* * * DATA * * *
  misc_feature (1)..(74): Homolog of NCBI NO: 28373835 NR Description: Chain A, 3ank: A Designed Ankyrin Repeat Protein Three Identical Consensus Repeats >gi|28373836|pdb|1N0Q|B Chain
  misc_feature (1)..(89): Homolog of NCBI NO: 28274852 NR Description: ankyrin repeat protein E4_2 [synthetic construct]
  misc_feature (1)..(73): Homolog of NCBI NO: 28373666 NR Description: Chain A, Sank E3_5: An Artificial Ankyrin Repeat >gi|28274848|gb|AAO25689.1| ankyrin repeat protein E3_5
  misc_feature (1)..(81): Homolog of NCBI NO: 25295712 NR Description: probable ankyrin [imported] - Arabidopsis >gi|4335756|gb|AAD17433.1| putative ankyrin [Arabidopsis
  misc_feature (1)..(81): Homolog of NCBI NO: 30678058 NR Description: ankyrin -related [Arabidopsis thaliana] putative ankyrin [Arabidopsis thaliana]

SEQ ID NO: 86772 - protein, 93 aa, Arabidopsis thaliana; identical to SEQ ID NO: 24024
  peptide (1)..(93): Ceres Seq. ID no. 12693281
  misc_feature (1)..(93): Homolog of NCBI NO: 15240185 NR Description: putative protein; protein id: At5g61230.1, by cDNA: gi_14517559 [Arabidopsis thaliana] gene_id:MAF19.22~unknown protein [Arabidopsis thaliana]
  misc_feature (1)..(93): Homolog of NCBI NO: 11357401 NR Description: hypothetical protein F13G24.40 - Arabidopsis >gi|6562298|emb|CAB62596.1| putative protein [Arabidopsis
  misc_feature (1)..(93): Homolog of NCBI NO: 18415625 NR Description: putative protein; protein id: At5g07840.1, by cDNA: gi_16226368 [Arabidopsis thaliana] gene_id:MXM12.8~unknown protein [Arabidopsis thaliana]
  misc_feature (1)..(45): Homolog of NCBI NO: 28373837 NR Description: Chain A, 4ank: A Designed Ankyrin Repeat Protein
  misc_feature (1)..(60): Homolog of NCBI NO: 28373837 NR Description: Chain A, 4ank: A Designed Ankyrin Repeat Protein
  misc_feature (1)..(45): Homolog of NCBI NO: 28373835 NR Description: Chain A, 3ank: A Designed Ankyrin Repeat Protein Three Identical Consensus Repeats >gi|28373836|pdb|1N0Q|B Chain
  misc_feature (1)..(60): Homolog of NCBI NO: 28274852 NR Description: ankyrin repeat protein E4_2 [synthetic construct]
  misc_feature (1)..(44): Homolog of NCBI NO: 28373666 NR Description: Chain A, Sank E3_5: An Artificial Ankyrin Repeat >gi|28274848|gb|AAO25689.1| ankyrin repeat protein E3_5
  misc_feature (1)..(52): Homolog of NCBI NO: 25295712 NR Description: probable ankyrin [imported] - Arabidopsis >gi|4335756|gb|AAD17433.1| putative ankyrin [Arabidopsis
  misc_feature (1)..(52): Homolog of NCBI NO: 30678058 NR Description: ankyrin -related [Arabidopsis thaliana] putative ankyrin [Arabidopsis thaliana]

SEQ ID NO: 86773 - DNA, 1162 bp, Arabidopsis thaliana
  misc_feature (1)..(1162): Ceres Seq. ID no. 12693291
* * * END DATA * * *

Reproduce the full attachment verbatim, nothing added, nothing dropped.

  misc_feature (1)..(74): Homolog of NCBI NO: 28373835 NR Description: Chain A, 3ank: A Designed Ankyrin Repeat Protein Three Identical Consensus Repeats >gi|28373836|pdb|1N0Q|B Chain
  misc_feature (1)..(89): Homolog of NCBI NO: 28274852 NR Description: ankyrin repeat protein E4_2 [synthetic construct]
  misc_feature (1)..(73): Homolog of NCBI NO: 28373666 NR Description: Chain A, Sank E3_5: An Artificial Ankyrin Repeat >gi|28274848|gb|AAO25689.1| ankyrin repeat protein E3_5
  misc_feature (1)..(81): Homolog of NCBI NO: 25295712 NR Description: probable ankyrin [imported] - Arabidopsis >gi|4335756|gb|AAD17433.1| putative ankyrin [Arabidopsis
  misc_feature (1)..(81): Homolog of NCBI NO: 30678058 NR Description: ankyrin -related [Arabidopsis thaliana] putative ankyrin [Arabidopsis thaliana]

SEQ ID NO: 86772 - protein, 93 aa, Arabidopsis thaliana; identical to SEQ ID NO: 24024
  peptide (1)..(93): Ceres Seq. ID no. 12693281
  misc_feature (1)..(93): Homolog of NCBI NO: 15240185 NR Description: putative protein; protein id: At5g61230.1, by cDNA: gi_14517559 [Arabidopsis thaliana] gene_id:MAF19.22~unknown protein [Arabidopsis thaliana]
  misc_feature (1)..(93): Homolog of NCBI NO: 11357401 NR Description: hypothetical protein F13G24.40 - Arabidopsis >gi|6562298|emb|CAB62596.1| putative protein [Arabidopsis
  misc_feature (1)..(93): Homolog of NCBI NO: 18415625 NR Description: putative protein; protein id: At5g07840.1, by cDNA: gi_16226368 [Arabidopsis thaliana] gene_id:MXM12.8~unknown protein [Arabidopsis thaliana]
  misc_feature (1)..(45): Homolog of NCBI NO: 28373837 NR Description: Chain A, 4ank: A Designed Ankyrin Repeat Protein
  misc_feature (1)..(60): Homolog of NCBI NO: 28373837 NR Description: Chain A, 4ank: A Designed Ankyrin Repeat Protein
  misc_feature (1)..(45): Homolog of NCBI NO: 28373835 NR Description: Chain A, 3ank: A Designed Ankyrin Repeat Protein Three Identical Consensus Repeats >gi|28373836|pdb|1N0Q|B Chain
  misc_feature (1)..(60): Homolog of NCBI NO: 28274852 NR Description: ankyrin repeat protein E4_2 [synthetic construct]
  misc_feature (1)..(44): Homolog of NCBI NO: 28373666 NR Description: Chain A, Sank E3_5: An Artificial Ankyrin Repeat >gi|28274848|gb|AAO25689.1| ankyrin repeat protein E3_5
  misc_feature (1)..(52): Homolog of NCBI NO: 25295712 NR Description: probable ankyrin [imported] - Arabidopsis >gi|4335756|gb|AAD17433.1| putative ankyrin [Arabidopsis
  misc_feature (1)..(52): Homolog of NCBI NO: 30678058 NR Description: ankyrin -related [Arabidopsis thaliana] putative ankyrin [Arabidopsis thaliana]

SEQ ID NO: 86773 - DNA, 1162 bp, Arabidopsis thaliana
  misc_feature (1)..(1162): Ceres Seq. ID no. 12693291